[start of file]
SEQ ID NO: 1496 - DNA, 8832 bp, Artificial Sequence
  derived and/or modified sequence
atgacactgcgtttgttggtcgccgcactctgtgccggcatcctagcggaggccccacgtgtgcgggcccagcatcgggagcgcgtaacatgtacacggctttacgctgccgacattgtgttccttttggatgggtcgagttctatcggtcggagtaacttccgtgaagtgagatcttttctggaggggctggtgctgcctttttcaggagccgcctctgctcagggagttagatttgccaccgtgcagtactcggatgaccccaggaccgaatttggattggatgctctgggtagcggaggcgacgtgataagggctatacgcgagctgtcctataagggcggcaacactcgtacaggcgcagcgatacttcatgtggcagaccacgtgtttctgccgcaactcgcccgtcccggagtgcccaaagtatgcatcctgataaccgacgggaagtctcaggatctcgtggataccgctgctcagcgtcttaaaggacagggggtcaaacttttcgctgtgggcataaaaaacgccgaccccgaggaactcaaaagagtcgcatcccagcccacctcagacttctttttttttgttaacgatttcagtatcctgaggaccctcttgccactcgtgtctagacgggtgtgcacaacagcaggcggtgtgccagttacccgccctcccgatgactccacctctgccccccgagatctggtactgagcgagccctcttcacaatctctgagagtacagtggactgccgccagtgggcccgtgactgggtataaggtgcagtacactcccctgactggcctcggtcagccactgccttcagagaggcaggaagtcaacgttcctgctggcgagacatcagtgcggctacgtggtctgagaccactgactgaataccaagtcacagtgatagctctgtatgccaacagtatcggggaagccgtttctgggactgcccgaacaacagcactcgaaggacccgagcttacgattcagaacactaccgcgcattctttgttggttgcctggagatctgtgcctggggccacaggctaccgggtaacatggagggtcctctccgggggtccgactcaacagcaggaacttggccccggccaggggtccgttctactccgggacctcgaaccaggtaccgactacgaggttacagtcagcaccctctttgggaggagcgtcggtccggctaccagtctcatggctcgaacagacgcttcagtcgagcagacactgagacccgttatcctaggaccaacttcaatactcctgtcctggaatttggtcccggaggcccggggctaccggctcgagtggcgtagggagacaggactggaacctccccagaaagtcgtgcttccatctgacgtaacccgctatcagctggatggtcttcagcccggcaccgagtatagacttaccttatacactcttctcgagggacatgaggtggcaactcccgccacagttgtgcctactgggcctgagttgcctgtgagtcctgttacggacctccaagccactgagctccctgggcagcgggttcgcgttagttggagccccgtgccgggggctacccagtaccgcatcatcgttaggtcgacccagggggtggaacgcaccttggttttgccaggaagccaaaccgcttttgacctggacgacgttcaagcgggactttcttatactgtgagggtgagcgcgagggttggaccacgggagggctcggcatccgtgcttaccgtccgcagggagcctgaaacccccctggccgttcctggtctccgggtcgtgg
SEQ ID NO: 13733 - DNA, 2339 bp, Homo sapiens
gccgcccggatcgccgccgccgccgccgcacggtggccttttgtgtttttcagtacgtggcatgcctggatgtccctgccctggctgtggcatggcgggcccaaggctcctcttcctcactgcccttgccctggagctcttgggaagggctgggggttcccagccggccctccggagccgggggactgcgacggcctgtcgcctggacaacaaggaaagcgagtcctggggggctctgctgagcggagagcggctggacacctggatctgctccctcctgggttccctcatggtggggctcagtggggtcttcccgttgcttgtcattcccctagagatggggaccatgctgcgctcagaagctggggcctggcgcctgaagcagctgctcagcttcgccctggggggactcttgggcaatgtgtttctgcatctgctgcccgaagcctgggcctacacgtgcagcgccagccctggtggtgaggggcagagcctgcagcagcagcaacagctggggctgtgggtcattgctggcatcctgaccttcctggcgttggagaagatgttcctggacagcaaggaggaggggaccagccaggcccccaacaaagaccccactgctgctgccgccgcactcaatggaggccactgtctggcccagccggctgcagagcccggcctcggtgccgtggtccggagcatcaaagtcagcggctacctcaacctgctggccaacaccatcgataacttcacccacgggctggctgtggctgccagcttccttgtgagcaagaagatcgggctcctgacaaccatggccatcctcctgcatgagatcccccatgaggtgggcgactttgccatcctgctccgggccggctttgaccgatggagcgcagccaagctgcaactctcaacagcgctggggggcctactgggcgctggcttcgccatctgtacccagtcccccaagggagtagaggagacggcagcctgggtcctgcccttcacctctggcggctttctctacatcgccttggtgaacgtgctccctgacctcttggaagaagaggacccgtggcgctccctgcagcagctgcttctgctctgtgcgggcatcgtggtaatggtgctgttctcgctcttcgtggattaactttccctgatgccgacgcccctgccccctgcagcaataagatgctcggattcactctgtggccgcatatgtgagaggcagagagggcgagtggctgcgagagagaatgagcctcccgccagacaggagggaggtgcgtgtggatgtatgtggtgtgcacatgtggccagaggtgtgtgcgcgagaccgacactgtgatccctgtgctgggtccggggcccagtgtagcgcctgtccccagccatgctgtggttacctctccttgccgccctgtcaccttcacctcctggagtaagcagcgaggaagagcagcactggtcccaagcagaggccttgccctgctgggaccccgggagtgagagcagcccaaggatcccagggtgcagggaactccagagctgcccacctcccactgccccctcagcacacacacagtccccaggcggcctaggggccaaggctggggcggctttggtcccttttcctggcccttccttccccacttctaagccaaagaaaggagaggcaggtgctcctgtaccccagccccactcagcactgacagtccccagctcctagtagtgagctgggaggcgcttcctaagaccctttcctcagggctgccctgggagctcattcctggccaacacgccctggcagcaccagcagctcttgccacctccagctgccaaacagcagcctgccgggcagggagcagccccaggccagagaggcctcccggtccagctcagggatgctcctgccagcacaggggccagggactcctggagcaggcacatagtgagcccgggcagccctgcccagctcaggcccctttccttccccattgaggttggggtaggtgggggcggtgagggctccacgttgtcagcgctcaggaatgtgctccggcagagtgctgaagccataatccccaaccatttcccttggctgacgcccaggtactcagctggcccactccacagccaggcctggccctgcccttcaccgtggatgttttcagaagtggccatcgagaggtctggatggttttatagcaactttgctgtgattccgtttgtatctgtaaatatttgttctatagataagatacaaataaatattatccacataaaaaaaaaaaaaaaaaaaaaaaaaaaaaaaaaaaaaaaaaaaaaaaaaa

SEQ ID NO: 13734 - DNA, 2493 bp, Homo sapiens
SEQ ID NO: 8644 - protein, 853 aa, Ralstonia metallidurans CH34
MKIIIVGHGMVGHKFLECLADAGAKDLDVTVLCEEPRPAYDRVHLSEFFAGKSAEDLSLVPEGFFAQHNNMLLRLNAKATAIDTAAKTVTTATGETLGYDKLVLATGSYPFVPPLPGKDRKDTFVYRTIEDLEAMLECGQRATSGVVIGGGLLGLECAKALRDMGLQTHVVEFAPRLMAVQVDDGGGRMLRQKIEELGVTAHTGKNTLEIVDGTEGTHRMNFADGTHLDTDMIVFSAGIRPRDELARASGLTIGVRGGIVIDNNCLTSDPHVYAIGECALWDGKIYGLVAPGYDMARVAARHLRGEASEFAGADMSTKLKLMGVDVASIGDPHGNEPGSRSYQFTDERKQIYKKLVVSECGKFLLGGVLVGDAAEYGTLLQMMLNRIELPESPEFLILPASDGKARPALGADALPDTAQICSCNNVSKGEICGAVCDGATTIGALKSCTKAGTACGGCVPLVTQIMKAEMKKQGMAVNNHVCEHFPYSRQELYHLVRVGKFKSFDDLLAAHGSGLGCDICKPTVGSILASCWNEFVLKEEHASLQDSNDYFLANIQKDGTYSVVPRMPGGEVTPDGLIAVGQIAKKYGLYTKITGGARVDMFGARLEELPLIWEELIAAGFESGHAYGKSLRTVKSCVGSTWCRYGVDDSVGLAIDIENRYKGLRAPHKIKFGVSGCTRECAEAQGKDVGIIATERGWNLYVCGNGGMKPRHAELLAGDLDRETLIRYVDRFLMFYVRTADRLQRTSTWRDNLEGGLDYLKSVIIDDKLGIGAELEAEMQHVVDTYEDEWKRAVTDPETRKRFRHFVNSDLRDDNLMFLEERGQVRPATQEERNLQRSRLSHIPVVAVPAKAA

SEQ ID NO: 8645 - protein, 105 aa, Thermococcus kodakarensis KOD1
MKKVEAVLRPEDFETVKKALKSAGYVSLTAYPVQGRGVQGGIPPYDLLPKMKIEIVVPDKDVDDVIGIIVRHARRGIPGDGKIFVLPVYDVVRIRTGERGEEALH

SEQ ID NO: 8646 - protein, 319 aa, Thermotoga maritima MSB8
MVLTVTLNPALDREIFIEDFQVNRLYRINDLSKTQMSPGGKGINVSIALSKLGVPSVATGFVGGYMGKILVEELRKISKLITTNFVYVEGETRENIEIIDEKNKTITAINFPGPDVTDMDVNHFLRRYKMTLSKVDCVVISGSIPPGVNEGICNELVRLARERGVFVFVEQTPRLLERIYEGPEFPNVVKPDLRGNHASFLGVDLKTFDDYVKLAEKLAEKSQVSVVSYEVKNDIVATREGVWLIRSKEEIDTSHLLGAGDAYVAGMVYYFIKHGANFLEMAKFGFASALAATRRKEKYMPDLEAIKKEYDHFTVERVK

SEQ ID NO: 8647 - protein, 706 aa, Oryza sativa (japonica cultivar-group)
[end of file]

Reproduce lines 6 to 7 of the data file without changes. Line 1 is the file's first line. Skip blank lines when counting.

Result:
SEQ ID NO: 13734 - DNA, 2493 bp, Homo sapiens
SEQ ID NO: 8644 - protein, 853 aa, Ralstonia metallidurans CH34